Australian authorities take cluster approach to contain coronavirus

SYDNEY (Reuters) – Australian authorities will open a pop-up coronavirus testing clinic next to Sydney’s Bondi Beach on Wednesday as health workers try to contain clusters of infections across the country.

While strict lock-down measures are now in place in Australia, outbreaks of the disease have been detected in some communities, including Bondi, which made headlines in March when thousands of people were seen ignoring social distancing rules at its world-famous beach.

South Australia’s Barossa Valley wine-region has closed schools and facilities this week due to a localised outbreak, while six baggage-handlers working at the state’s Adelaide airport have also tested positive to COVID-19.

“Bondi is one of those places where we are seeing local transmission, and we have seen cases among backpackers in recent days,” New South Wales Health director Jeremy McAnulty said in Sydney on Wednesday.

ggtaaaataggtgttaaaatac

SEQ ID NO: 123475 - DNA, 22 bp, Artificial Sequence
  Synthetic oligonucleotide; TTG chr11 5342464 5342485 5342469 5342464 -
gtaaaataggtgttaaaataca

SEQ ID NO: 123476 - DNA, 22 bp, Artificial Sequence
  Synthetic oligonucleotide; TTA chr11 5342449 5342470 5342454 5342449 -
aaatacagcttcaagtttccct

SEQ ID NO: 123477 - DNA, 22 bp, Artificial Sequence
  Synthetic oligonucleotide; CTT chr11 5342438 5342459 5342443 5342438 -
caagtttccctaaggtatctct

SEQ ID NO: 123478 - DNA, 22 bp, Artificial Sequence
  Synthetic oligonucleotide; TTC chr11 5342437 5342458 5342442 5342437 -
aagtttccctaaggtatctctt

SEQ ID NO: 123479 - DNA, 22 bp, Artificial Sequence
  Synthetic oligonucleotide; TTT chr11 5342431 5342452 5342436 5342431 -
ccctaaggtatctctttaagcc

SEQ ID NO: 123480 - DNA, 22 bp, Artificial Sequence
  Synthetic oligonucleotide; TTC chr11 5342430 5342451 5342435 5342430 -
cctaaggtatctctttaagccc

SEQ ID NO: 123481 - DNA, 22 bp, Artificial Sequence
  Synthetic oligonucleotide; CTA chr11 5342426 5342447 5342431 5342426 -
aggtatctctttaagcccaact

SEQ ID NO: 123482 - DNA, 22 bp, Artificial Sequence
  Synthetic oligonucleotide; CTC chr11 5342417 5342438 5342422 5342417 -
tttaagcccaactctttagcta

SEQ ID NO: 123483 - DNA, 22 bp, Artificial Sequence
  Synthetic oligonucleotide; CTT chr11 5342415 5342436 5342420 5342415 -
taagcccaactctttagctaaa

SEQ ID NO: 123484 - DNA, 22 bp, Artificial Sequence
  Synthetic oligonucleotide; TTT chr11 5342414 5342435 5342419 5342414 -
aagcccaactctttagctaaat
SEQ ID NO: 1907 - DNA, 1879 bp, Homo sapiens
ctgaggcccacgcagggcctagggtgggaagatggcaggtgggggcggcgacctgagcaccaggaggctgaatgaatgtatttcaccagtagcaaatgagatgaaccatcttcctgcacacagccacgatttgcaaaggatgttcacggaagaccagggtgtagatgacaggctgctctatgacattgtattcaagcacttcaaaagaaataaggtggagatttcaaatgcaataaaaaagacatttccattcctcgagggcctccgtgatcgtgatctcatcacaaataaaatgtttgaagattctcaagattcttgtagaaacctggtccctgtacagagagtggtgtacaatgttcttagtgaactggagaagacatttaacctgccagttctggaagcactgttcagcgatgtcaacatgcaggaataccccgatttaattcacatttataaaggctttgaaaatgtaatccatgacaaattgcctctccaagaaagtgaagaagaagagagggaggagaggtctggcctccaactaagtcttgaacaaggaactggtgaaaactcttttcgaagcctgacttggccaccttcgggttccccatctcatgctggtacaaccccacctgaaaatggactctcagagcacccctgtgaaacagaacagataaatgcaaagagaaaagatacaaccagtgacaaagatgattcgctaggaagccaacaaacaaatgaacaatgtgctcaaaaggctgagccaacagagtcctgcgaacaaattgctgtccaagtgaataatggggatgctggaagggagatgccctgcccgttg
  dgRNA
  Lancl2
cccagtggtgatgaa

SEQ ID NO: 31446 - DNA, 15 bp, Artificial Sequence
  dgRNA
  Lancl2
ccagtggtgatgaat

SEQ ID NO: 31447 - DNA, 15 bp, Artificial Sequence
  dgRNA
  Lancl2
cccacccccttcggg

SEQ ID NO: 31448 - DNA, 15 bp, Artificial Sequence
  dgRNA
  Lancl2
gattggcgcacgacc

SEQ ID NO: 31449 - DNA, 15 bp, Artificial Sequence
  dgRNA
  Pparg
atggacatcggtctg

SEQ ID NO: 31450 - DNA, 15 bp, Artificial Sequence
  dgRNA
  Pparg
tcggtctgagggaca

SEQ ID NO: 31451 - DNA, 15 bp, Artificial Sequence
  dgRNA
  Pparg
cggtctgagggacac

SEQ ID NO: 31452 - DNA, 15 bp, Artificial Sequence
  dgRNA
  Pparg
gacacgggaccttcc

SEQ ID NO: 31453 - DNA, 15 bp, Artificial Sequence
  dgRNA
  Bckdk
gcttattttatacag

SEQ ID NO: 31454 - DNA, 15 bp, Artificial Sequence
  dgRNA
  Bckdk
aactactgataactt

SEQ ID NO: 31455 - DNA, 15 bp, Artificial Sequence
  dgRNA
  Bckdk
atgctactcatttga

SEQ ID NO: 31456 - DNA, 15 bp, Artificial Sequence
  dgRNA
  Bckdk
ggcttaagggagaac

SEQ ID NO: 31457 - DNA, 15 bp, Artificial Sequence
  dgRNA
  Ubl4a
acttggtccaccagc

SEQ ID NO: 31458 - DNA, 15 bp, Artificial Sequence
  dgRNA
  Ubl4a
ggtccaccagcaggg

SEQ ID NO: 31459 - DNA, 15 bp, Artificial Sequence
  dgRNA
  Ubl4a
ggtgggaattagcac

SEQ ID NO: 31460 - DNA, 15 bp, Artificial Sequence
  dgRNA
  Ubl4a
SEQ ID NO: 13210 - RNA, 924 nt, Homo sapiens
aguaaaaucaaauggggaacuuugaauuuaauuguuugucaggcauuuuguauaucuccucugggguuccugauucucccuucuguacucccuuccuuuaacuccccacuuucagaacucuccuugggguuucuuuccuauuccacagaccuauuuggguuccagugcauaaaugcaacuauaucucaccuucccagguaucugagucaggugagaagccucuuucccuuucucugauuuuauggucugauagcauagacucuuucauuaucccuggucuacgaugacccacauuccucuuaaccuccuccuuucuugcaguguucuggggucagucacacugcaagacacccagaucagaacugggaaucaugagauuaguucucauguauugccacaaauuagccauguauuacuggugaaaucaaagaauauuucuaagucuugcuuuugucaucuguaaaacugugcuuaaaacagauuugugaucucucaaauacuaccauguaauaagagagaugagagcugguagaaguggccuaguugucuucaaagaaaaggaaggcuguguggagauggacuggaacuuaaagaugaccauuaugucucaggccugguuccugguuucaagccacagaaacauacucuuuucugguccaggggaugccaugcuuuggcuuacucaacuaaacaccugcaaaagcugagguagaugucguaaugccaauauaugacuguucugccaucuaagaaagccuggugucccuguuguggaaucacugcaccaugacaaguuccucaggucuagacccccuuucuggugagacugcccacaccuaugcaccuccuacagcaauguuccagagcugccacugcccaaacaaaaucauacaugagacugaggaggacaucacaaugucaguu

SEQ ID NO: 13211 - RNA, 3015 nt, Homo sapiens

The pop-up clinics are designed to ramp up testing in a dedicated area to help authorities contain the spread of the disease.

New South Wales (NSW), the country’s most populous state, remains the epicenter of the disease in Australia, accounting for almost half of the nation’s confirmed cases, which now exceed 4,500. There have been 20 deaths.

NSW Premier Gladys Berejiklian said on Wednesday there were early signs that virus case numbers in the state were stabilizing.

“We can’t let our foot off the pedal, we can’t relax,” Berejiklian said in Sydney.

“It doesn’t take long for things to get out of control.”

The rate of growth in new infections across the country has slowed to just under 10% over the past three days, from 25-30% a week ago, raising hopes that Australia is starting to “flatten the curve”.

Like many countries, Australia’s financial and jobs markets have been roiled by the outbreak, prompting the government to unveil several stimulus packages, including a A$130 billion ($79.9 billion) six-month wage subsidy.

While most virus cases have been detected in major cities, clusters have also emerged in regional towns and tourist destinations.

Barossa council mayor Bim Lange said schools in the wine-making area had been ordered to shut, and many other facilities closed, as a result of a localised outbreak, putting pressure on vineyards and other businesses involved in the grape-picking season.

“We’ve had three years of drought, and now this,” Lange told Reuters.

Source: Read Full Article